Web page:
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Crab Ride Back Take With Craig Jones!

Crab Ride Back Take With Craig Jones!


What is the most important position in Jiu Jitsu?  Well, that’s a big question, right?! A big factor here is what positions are you most comfortable with?  The positions you train the most will likely be your go to positions. When choosing which positions and transitions you spend your most time on, I would encourage you to look at the positions where most fights are won, or look at tournaments where the most points are scored.  The reality of this is you will likely find that while playing guard is great, and side control can allow you to put pressure on someone that makes them wish they were dead, mount and back mount tend to be the positions where most fights are finished.   

The ability to get to the back from any position is most certainly a skill set everyone in the Jiu Jitsu world would love to have.  Regardless of if you are competing in the Gi, or No Gi, or perhaps not competing at all and only looking for self defense application, having the back will most certainly give you the upper hand in any encounter.  In most tournaments getting back control will yield you the highest number of points available for any technique, typically tied with full mount. When you have back control it’s nearly impossible for the opponent to land any impactful strikes, it’s also very difficult for them to attack you with any submissions and typically their only priority at this point is to escape because of the level of control you have.

It’s no secret that there are tons of very high level Jiu Jitsu practitioners out there today, and many of them with vastly different views on how your should approach each position, or “problem” that you are looking to solve.  The reality here is that the more you study someone else’s game, the more options you will have when it comes to building yours. No one says you can’t take bits and pieces from all of the high level guys and add them to your game.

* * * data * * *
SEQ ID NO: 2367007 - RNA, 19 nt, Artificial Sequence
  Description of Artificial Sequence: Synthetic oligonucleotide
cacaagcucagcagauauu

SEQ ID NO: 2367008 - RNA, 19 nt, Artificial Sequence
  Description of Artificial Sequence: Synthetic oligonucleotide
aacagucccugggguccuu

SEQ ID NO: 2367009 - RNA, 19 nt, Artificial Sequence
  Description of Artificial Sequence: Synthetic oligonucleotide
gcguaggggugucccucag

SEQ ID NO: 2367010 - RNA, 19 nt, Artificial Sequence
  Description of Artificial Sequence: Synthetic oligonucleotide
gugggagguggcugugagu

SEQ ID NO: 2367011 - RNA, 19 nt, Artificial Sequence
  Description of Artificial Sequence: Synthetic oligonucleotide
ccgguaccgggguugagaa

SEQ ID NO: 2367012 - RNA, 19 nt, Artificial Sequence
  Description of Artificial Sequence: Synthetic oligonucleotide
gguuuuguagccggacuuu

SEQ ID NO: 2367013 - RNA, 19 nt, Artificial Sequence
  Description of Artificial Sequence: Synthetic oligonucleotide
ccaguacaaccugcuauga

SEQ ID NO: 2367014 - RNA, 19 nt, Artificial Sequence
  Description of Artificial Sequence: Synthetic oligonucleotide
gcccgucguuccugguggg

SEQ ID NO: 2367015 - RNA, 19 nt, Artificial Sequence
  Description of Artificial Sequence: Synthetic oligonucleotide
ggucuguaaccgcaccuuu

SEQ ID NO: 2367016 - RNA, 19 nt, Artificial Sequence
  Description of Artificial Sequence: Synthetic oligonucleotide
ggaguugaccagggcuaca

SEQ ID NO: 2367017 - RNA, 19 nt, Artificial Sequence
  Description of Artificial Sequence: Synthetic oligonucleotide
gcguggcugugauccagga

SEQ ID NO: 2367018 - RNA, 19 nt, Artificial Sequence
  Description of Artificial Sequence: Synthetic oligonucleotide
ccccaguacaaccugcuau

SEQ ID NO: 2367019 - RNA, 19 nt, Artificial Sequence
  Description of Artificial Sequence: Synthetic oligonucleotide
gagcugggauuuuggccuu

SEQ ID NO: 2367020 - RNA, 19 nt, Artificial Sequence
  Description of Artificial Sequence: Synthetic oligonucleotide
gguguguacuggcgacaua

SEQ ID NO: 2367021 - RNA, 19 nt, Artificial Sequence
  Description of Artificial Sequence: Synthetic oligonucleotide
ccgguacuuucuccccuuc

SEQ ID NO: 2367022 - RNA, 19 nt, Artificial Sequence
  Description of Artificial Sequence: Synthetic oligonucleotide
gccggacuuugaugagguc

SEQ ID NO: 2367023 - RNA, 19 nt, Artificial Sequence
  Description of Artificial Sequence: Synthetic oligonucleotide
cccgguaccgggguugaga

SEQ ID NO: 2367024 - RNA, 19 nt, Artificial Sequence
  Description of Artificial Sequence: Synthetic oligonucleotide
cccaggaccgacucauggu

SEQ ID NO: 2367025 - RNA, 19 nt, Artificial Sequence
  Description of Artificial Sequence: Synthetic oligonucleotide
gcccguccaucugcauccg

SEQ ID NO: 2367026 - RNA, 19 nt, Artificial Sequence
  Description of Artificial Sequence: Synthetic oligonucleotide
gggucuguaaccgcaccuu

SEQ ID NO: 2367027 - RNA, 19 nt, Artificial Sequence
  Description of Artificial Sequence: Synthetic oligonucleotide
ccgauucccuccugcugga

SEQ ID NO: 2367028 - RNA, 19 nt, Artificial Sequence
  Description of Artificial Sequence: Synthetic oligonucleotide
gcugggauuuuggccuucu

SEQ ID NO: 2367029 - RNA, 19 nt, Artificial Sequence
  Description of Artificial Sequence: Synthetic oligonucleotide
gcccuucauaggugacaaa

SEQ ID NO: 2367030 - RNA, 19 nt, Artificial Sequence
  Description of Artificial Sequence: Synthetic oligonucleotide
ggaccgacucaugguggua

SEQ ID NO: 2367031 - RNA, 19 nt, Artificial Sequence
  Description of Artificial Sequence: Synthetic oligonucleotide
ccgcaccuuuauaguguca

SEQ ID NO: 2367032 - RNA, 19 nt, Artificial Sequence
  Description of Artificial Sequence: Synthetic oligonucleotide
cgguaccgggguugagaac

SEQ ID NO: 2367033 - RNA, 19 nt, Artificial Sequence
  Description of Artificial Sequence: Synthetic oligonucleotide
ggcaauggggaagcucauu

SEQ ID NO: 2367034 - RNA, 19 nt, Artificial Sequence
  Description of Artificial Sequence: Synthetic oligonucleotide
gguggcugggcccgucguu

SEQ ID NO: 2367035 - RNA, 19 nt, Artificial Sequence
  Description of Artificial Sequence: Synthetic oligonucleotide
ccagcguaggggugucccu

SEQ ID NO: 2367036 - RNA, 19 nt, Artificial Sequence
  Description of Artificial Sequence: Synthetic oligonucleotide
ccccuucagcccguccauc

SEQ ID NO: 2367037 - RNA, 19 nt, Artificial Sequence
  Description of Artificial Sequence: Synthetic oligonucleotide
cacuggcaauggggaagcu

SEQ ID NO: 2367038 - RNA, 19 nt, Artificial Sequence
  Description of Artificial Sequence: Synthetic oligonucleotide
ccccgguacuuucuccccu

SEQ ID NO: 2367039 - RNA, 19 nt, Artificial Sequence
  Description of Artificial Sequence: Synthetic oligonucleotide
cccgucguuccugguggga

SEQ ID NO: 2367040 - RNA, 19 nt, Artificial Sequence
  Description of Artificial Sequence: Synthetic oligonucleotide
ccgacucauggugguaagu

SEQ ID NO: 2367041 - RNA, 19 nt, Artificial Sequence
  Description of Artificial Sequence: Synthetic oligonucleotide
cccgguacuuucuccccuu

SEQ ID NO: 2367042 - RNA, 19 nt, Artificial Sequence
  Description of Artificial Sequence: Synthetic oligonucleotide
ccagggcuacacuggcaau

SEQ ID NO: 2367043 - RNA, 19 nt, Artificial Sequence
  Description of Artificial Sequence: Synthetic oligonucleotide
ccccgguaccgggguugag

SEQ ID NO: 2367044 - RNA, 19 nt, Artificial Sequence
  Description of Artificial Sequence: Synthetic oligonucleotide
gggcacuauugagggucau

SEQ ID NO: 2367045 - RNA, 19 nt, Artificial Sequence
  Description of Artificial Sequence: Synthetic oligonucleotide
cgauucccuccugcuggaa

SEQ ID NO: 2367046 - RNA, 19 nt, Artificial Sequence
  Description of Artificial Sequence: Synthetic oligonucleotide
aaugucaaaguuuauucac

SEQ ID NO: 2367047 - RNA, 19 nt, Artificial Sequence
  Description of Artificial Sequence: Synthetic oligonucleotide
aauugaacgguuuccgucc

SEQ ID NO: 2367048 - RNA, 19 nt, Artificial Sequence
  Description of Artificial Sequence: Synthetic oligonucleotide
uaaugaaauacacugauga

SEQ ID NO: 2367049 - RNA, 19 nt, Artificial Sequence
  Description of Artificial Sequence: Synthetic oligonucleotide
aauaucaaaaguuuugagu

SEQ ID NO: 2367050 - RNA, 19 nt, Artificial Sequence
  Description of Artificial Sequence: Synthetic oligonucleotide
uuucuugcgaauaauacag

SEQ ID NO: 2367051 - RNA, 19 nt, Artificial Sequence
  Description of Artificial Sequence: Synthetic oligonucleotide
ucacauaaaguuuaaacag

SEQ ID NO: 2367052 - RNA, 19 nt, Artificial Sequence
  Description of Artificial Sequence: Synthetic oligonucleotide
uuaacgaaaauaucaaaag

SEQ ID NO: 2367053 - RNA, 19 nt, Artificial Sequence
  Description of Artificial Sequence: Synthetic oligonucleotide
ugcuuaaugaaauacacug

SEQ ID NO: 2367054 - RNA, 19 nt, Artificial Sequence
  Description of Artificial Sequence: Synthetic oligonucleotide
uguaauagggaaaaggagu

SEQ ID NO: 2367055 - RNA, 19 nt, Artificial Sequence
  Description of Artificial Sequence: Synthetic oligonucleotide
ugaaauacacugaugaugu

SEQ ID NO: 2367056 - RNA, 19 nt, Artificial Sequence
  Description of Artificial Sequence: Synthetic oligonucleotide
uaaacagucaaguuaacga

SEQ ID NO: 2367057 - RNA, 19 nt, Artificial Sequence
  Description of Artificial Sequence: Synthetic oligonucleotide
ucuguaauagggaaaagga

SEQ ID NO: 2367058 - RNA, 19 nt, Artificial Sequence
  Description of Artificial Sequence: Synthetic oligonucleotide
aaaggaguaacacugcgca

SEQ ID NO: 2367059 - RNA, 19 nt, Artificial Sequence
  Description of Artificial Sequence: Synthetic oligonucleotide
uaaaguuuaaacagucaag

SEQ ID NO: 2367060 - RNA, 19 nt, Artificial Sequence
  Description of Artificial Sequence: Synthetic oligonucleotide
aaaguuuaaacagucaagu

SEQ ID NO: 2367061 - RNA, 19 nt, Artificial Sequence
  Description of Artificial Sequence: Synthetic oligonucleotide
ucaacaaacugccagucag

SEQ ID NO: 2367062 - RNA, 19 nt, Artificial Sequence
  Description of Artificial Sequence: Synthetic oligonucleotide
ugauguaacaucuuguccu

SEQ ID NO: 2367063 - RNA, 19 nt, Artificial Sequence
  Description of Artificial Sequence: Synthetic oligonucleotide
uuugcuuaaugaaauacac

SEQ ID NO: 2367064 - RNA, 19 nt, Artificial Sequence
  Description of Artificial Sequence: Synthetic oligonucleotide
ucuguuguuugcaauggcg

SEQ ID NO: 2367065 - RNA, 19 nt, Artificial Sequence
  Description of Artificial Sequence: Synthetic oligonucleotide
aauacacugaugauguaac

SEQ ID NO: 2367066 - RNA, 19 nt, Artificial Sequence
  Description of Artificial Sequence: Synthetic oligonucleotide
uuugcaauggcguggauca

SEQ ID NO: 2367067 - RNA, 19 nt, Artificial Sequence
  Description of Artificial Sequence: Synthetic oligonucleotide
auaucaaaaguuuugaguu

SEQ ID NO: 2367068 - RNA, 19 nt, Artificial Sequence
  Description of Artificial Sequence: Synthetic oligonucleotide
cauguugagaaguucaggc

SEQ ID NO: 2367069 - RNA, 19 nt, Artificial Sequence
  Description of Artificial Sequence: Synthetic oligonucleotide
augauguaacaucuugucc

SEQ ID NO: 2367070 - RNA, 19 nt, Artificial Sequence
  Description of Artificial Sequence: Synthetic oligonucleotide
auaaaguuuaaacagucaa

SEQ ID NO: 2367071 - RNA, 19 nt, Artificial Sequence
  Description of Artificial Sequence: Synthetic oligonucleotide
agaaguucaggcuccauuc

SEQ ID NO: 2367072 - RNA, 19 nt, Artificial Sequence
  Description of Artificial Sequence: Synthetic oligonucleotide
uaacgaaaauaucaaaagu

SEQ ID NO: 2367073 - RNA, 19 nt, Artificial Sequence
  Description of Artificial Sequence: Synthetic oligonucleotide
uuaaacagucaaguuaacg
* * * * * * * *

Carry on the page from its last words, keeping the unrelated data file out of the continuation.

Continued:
Craig Jones shows us a “Crab Ride Back Take” in his short video clip from which we start standing in the position shown in the picture below.  Craig’s game has taken him from someone no one knew to a champion on some of the largest stages in our sport including Polaris Middleweight Champion, ADCC World Championships and the podium of EBI.  Craig makes the bold claim that not only will his video instructionals take your game to the next level, but he will save you time, and energy.


Let’s dive in and break down this wild crab ride back take Craig has in store for us.  To get started Craig takes his right hand and grips behind the opponent’s right knee using s thumb down grip.  Next he cups the opponent’s left hip with his left hand. In order to do this Craig needs to break his own posture down and lean down closer to the opponent.  Once he has established these grips, he is then using his left hand to lift the opponent’s hips and using his right hand to “steer” them rotating the opponent around so that their hips are perpendicular to ours, as shown in the image below. 

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Craig now uses a two on one cupping over the opponent’s far leg with both of his hands and pulling them over to their left hip while working to collapse their hips so that the opponent’s top leg is below his knee.  The goal is to make it so only your ankle is trapped.  

For the next step in this technique Craig reaches for a deep over hook grip with his right hand over the opponent’s top leg, cupping under the opponent’s thigh.  Once established Craig looks to roll over his right opponent and over his right shoulder while pulling the opponent’s leg with him using the over hook grip as well as the instep of his trapped foot (as he rolls this will slide out until the instep catches behind the opponent’s knee. 

As he completes the roll he is immediately extending his right leg while also pulling in with his right arm over hook extending the opponent’s leg and maintaining control.  Craig then looks to bring his top leg over the opponent’s top leg. Rather than keep it under as a butterfly hook he prefers to bring it over the top and use his foot on the inside of the opponent’s leg to push and force the opponent to sit up. 

Lastly, Craig secures an under hook on his left side positioning him for the seat belt grip.  He then brings his left hook across the opponent’s body as he secures his seat belt grip and falls to his left hip.  Because of the preparation Craig’s left foot is in position for the body triangle to be locked up.


Craig has dedicated the time and work ethic to develop an insanely strong Jiu Jitsu game.  He has a multitude of video instructionals available covering everything from “How to pass guards quickly and easily” to “The triangle machine” that are certain to elevate your game and make you better positioned to dominate on the mats at your academy, and more importantly, in competition.  



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